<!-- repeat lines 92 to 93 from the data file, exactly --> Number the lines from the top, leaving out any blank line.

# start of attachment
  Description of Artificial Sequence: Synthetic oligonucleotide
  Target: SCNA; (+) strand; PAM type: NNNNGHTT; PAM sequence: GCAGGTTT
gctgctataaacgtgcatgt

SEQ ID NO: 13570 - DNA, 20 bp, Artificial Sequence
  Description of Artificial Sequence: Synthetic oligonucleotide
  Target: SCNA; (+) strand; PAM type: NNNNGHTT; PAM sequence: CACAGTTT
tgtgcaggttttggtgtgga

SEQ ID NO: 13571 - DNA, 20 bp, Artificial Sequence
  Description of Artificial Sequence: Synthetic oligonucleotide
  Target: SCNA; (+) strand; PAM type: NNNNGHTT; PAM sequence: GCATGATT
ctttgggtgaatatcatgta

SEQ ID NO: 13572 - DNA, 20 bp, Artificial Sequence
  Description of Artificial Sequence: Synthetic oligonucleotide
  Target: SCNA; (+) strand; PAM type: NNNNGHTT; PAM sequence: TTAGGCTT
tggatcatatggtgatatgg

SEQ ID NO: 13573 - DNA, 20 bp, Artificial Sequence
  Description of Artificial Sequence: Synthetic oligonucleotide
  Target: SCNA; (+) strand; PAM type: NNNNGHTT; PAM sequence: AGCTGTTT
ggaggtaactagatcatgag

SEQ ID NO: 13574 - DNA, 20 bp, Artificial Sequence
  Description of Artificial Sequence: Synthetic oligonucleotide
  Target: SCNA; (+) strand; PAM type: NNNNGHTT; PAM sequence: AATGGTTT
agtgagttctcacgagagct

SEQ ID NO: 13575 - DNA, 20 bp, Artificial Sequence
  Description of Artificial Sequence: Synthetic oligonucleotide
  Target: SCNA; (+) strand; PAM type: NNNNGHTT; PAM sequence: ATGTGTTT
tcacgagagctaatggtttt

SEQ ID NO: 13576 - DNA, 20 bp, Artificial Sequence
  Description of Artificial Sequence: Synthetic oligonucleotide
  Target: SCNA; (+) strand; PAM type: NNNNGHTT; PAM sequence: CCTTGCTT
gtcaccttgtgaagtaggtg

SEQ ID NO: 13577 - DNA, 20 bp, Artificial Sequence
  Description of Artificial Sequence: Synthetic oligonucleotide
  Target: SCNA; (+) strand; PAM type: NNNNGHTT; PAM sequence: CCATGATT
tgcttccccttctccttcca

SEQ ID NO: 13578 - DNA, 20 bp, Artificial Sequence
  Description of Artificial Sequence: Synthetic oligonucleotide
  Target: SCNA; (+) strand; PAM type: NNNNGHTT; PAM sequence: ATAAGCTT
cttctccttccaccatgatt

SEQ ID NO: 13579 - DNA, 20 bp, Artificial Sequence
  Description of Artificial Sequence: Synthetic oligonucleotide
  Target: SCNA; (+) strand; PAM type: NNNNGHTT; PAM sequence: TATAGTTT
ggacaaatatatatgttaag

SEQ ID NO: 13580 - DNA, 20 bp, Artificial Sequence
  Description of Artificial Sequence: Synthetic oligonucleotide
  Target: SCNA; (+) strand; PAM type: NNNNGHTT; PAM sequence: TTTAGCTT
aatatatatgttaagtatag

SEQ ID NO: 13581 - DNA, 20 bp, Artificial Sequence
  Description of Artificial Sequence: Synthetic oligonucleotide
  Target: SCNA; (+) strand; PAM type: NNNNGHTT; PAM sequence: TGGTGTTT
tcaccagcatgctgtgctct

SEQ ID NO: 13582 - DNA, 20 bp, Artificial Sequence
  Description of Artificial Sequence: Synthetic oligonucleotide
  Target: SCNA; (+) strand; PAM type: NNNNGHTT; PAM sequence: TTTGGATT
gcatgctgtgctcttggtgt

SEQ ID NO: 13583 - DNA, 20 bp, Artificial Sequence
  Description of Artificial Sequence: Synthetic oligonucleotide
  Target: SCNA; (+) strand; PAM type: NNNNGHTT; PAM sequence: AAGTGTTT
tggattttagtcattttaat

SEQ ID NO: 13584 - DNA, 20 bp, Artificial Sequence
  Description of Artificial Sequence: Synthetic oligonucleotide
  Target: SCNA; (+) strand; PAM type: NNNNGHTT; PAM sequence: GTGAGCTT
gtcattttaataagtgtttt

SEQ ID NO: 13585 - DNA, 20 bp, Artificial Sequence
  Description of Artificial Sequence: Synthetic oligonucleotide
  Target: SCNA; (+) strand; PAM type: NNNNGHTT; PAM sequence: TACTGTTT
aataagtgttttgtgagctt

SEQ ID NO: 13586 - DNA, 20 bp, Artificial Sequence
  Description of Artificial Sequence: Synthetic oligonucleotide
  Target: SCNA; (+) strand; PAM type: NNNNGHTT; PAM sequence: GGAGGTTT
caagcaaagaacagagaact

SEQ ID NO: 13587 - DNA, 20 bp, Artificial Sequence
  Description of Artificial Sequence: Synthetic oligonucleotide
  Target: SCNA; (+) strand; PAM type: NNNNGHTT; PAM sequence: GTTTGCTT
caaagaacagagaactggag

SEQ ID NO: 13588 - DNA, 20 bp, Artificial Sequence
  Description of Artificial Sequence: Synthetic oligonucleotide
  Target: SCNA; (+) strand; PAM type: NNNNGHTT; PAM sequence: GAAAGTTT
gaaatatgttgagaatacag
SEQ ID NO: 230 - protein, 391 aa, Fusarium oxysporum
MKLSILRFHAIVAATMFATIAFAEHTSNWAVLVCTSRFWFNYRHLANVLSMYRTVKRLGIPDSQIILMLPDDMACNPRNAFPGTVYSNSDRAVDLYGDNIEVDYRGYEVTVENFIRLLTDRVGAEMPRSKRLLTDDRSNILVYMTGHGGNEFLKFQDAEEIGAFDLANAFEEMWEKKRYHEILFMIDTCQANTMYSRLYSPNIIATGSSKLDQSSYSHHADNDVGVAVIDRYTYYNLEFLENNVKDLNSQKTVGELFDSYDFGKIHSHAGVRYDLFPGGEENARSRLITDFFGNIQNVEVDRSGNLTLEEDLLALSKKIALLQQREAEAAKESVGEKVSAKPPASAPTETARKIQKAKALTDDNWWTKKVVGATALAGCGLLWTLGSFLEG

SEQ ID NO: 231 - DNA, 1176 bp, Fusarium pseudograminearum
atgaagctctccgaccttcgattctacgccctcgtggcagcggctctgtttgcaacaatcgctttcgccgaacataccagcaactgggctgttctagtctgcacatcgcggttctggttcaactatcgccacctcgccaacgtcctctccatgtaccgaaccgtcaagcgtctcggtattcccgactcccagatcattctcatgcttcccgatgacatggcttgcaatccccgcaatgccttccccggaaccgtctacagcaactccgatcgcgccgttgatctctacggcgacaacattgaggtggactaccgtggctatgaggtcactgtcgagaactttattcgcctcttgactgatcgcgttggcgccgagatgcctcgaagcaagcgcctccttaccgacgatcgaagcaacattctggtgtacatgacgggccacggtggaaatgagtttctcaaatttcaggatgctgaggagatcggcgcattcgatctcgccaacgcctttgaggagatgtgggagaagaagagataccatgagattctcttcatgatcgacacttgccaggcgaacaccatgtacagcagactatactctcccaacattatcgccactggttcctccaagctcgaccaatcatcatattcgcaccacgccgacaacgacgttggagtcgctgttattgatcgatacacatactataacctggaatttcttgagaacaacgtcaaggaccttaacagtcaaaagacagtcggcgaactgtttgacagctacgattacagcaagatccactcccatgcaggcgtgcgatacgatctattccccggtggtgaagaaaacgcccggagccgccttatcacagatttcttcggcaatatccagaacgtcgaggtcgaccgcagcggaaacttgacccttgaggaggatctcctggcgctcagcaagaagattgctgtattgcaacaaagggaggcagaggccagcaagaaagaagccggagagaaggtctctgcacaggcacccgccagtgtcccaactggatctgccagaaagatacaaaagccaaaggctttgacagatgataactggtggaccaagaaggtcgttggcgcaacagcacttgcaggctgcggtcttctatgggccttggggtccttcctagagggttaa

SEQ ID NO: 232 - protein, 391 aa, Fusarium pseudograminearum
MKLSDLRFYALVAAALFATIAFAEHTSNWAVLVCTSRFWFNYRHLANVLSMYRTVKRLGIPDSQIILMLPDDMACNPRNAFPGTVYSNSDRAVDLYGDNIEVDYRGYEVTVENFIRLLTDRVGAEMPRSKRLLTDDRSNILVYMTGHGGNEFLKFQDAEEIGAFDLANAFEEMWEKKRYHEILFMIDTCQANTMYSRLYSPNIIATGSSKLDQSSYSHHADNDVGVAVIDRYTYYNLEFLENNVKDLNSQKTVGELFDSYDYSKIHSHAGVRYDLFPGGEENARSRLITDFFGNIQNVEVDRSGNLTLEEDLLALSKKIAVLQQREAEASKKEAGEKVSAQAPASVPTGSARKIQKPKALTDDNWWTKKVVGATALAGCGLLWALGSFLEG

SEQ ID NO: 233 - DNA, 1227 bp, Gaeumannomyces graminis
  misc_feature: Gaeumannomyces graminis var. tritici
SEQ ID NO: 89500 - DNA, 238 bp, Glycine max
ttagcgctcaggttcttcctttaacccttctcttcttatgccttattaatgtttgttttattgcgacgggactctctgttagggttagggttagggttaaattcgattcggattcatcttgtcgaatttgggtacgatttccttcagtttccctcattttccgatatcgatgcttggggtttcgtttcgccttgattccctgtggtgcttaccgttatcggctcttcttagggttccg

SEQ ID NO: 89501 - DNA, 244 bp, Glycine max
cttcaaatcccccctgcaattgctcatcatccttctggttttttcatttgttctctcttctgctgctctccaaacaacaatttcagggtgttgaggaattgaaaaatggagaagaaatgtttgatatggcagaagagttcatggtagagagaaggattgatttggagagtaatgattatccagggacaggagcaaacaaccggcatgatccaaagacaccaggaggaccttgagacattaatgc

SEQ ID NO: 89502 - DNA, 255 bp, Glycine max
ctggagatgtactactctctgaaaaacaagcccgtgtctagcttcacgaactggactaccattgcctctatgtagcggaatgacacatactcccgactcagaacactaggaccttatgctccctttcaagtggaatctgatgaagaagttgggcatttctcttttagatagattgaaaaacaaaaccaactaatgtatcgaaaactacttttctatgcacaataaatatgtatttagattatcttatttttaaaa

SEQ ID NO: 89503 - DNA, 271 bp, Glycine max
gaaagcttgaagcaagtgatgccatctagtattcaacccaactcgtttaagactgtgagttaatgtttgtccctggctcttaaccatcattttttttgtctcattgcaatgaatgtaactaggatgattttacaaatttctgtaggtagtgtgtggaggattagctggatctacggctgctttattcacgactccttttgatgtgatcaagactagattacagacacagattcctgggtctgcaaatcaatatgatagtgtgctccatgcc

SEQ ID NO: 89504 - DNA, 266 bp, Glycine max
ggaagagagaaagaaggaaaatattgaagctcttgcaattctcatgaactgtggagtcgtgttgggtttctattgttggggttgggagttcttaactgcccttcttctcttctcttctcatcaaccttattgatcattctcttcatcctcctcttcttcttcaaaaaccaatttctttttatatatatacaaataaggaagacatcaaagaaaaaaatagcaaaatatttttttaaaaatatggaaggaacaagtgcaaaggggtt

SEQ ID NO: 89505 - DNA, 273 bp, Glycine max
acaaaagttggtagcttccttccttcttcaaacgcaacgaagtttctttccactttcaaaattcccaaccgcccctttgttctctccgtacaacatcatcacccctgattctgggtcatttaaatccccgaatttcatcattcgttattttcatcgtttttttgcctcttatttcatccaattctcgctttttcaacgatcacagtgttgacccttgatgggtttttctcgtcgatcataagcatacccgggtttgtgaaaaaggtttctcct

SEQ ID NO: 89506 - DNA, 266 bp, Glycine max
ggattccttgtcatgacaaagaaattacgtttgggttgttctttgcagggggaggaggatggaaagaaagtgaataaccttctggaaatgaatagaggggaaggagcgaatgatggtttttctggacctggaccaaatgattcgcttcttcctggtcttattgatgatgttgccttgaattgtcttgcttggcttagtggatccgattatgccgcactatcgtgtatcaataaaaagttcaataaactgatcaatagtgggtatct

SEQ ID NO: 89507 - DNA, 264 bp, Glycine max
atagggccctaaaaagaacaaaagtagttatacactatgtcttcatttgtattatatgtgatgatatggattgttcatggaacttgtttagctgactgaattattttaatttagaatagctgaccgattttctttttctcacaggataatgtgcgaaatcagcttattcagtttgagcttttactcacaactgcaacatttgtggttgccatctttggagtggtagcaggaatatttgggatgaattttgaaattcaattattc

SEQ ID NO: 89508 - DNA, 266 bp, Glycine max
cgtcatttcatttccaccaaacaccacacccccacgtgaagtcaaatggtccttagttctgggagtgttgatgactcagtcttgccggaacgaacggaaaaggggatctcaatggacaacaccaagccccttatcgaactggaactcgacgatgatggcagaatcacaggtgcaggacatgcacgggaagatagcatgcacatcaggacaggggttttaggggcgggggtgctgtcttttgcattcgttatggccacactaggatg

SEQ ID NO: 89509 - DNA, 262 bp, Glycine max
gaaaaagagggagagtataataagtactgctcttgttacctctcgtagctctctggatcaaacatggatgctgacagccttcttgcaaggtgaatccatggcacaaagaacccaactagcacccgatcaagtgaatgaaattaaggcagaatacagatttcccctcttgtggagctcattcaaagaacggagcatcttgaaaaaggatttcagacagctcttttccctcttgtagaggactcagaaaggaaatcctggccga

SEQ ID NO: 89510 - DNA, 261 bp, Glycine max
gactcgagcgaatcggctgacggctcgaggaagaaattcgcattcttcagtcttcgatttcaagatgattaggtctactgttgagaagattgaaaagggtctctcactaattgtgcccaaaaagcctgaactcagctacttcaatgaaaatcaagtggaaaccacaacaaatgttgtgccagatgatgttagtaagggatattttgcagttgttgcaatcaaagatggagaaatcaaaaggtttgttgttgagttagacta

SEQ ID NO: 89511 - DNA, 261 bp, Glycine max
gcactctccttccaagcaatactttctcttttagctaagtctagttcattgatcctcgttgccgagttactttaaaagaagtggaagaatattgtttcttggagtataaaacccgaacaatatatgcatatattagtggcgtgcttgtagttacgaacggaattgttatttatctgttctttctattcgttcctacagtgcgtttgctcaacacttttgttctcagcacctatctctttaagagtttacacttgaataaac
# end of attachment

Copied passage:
SEQ ID NO: 89502 - DNA, 255 bp, Glycine max
ctggagatgtactactctctgaaaaacaagcccgtgtctagcttcacgaactggactaccattgcctctatgtagcggaatgacacatactcccgactcagaacactaggaccttatgctccctttcaagtggaatctgatgaagaagttgggcatttctcttttagatagattgaaaaacaaaaccaactaatgtatcgaaaactacttttctatgcacaataaatatgtatttagattatcttatttttaaaa